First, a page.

Results tagged ‘ Jeff Borris ’
Jayson Werth wore black to an October news conference at Citizens Bank Park.
The color of clothing proved prophetic.
Werth, who had become a fan favorite during four successful seasons with the Phillies, spoke like a man who knew his time in Philadelphia had come to an end. It officially ended today, when he signed a colossal seven-year, $126 million contract with the Washington Nationals. MLB.com first reported the impending deal. CSNPhilly.com reported the Phillies offered Werth a three-year contract with an average annual value of $16 million and an option for a fourth year.
A source told MLB.com the vesting option would have increased the value of the contract to $60 million.
Even if the option had vested for the 2014 season, the Nationals offered $66 million more than the Phillies with an average annual value of $18 million.
The Phillies never had a chance.
“We felt that we offered him a significant contract such that we had a chance to bring him back,” Ruben Amaro Jr. said tonight at the Winter Meetings in Lake Buena Vista, Fla. “But clearly, at the end of the day it was about trying to get the best contract he could and I think he did.”
Cliff Lee‘s impending free agency and Jayson Werth‘s impending free agency seem like two totally separate issues, and in most respects they are. But it is evident the Phillies think Werth will be difficult to resign, which is why they have explored trading him – although I don’t see it happening if the Phillies remain in contention in the NL East.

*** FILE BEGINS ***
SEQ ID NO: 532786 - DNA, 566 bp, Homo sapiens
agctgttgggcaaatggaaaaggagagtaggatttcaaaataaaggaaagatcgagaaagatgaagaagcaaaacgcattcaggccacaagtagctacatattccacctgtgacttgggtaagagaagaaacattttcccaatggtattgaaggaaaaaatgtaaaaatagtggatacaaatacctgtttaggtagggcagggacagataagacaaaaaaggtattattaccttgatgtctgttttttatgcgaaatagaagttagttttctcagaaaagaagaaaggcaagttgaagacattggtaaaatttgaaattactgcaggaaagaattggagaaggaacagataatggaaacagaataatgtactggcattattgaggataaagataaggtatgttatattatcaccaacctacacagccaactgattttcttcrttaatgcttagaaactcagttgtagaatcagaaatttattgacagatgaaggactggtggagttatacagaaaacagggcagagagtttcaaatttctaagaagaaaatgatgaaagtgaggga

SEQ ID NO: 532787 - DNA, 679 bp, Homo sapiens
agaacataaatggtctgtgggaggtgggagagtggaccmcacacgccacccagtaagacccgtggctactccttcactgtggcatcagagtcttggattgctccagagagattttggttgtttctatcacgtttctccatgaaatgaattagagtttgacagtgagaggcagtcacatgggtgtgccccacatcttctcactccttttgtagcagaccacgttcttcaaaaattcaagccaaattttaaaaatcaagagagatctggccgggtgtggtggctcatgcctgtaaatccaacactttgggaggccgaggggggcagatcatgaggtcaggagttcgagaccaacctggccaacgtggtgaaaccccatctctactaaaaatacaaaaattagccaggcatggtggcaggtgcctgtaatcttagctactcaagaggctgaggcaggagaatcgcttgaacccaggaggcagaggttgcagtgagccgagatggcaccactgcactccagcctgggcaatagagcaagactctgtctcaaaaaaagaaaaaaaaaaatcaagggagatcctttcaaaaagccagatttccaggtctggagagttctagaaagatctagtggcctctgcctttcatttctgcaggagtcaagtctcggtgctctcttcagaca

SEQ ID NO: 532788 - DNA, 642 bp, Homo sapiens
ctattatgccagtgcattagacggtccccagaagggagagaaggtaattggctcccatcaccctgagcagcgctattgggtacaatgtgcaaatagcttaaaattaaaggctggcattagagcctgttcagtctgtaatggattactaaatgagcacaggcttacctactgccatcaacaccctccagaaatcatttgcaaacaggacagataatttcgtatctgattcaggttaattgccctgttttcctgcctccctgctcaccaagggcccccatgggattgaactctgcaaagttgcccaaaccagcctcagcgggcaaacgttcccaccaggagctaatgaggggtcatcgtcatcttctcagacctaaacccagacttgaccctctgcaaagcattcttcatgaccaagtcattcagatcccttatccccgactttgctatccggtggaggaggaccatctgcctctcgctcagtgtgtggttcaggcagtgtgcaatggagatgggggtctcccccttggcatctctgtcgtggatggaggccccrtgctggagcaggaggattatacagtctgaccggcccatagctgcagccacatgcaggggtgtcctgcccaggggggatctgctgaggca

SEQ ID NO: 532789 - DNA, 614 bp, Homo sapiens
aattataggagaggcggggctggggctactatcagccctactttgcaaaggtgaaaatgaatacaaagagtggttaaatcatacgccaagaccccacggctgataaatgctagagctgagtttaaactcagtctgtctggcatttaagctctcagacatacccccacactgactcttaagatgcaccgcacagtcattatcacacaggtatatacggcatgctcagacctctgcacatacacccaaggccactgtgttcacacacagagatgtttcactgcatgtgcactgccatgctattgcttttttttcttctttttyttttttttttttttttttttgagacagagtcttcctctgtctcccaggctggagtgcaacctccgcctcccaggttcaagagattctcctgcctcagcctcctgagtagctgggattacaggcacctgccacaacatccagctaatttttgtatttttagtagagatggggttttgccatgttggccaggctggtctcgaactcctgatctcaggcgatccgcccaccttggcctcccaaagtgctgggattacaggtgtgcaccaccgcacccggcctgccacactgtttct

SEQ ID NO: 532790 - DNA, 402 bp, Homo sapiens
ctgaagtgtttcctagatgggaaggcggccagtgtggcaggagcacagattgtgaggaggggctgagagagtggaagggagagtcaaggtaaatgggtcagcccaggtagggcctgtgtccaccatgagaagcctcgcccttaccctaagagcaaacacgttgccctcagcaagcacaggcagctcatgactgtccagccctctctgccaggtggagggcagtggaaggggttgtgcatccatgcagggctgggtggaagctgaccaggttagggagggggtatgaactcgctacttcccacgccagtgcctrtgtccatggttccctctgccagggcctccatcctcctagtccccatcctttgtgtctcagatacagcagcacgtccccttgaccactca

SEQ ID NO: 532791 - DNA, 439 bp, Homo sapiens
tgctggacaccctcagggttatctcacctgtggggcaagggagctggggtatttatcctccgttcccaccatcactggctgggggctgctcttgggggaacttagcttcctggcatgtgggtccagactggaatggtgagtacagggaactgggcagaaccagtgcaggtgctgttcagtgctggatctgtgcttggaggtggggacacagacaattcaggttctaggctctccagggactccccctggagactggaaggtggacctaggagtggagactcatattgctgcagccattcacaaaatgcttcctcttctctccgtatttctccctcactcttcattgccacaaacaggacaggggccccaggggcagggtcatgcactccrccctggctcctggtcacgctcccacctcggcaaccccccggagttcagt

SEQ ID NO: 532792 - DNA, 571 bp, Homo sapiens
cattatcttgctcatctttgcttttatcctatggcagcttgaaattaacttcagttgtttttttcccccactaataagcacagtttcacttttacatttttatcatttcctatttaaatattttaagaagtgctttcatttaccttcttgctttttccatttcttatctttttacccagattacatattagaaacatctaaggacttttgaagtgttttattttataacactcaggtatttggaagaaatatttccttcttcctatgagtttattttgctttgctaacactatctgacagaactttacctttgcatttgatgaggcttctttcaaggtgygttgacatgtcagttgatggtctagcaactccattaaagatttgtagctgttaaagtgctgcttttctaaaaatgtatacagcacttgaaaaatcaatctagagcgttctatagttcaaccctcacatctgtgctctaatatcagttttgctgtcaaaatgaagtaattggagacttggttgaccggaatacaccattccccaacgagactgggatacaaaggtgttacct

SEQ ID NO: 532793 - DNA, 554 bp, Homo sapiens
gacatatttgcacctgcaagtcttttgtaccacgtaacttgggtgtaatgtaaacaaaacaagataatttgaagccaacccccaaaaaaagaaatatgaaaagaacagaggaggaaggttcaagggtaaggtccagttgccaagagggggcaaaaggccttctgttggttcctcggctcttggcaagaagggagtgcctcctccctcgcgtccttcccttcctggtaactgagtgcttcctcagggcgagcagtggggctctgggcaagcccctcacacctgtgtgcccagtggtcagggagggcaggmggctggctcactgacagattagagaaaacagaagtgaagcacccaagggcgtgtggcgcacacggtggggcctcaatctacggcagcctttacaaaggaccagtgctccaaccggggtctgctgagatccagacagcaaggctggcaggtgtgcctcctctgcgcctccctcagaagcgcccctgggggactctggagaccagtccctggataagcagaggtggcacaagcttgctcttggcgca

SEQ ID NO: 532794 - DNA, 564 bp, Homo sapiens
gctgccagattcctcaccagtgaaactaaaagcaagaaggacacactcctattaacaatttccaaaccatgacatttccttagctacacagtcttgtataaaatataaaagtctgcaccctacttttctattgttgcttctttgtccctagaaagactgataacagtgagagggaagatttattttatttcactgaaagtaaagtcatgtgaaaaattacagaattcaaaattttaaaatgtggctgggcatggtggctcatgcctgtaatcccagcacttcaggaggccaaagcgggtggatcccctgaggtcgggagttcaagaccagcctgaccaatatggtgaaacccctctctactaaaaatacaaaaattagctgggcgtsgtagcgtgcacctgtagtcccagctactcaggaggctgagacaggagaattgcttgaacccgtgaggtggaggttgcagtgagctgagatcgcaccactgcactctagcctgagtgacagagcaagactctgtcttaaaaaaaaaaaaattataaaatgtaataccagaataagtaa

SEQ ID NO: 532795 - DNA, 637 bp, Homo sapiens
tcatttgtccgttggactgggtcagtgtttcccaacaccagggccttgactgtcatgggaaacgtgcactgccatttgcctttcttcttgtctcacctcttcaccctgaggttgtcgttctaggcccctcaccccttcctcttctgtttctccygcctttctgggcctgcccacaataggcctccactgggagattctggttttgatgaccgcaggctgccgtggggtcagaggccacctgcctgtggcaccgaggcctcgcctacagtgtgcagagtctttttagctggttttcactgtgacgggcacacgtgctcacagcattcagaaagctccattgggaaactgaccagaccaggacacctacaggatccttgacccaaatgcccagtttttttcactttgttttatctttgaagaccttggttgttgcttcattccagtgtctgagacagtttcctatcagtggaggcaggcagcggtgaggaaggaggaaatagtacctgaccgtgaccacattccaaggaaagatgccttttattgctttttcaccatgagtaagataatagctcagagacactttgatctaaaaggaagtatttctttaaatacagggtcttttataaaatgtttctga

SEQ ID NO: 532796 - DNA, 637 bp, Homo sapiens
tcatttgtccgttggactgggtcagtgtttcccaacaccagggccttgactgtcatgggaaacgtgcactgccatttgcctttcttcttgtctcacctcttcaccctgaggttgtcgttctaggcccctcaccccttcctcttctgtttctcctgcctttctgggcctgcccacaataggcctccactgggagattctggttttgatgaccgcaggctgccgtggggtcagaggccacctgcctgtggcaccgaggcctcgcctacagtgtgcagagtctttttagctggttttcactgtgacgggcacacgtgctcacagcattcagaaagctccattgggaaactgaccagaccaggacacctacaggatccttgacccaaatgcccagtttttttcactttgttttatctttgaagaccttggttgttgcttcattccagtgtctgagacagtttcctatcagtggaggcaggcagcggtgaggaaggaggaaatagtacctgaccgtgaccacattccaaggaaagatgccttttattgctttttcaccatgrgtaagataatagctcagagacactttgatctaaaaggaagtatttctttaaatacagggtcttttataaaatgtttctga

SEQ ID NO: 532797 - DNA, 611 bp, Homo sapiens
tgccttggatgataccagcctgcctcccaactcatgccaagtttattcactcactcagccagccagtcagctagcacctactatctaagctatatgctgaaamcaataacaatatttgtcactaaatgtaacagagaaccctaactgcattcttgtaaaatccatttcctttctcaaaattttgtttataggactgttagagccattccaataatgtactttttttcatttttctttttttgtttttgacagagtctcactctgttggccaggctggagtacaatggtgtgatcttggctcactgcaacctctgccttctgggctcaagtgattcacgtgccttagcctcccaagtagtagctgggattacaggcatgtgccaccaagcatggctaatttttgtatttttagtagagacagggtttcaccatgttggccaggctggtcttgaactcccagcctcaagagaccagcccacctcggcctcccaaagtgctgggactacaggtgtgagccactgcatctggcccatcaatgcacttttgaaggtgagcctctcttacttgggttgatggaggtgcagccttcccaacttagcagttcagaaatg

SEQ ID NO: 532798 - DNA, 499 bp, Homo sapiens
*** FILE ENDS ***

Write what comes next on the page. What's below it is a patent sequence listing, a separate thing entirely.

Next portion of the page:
So what happens if the Phillies keep Werth and they can’t resign him after the season? (Werth could be looking for more than $100 million on the open market.) The Phillies could use the money earmarked for Werth to make a run at Lee, although that will be difficult for a couple reasons: First, one of the reasons the Phillies traded Lee in December is because they felt he would be tough to sign to an extension. That probably has not changed. Second, the Phillies will be competing with the Yankees, Red Sox, etc., on the open market.
But Lee said today the trade that sent him to Seattle has not soured him on the Phillies.
“I’m not soured by that at all,” he said. “It’s a business. They decided that the best thing for the Phillies was to trade me to replenish the farm system. They felt like that was the best move. You can’t knock them for that. They didn’t have to trade for me to come there in the first place. Yeah, I’m not opposed to coming back to the Phillies in the future at all. I’m not opposed to playing for any team. If 29 other teams don’t want me and the Phillies are the only team that wants me, I’ll be a Phillie.”
Lee stumbled when asked if he would pursue the Phillies in the offseason.
“That’s down the road,” he said. “Right now I’m a Mariner … or a, uh … right now I’m a Ranger. Right now I’m a Ranger. I was so used to saying that, so, I’m a Ranger and I’m going to be a Ranger until hopefully we win the World Series. And when that’s over I’ll weight all of my options and see what happens. It’s really that simple.”
Lee is aware Phillies fans remain upset that he is not in the same rotation with Roy Halladay and Cole Hamels.
Lee gets it.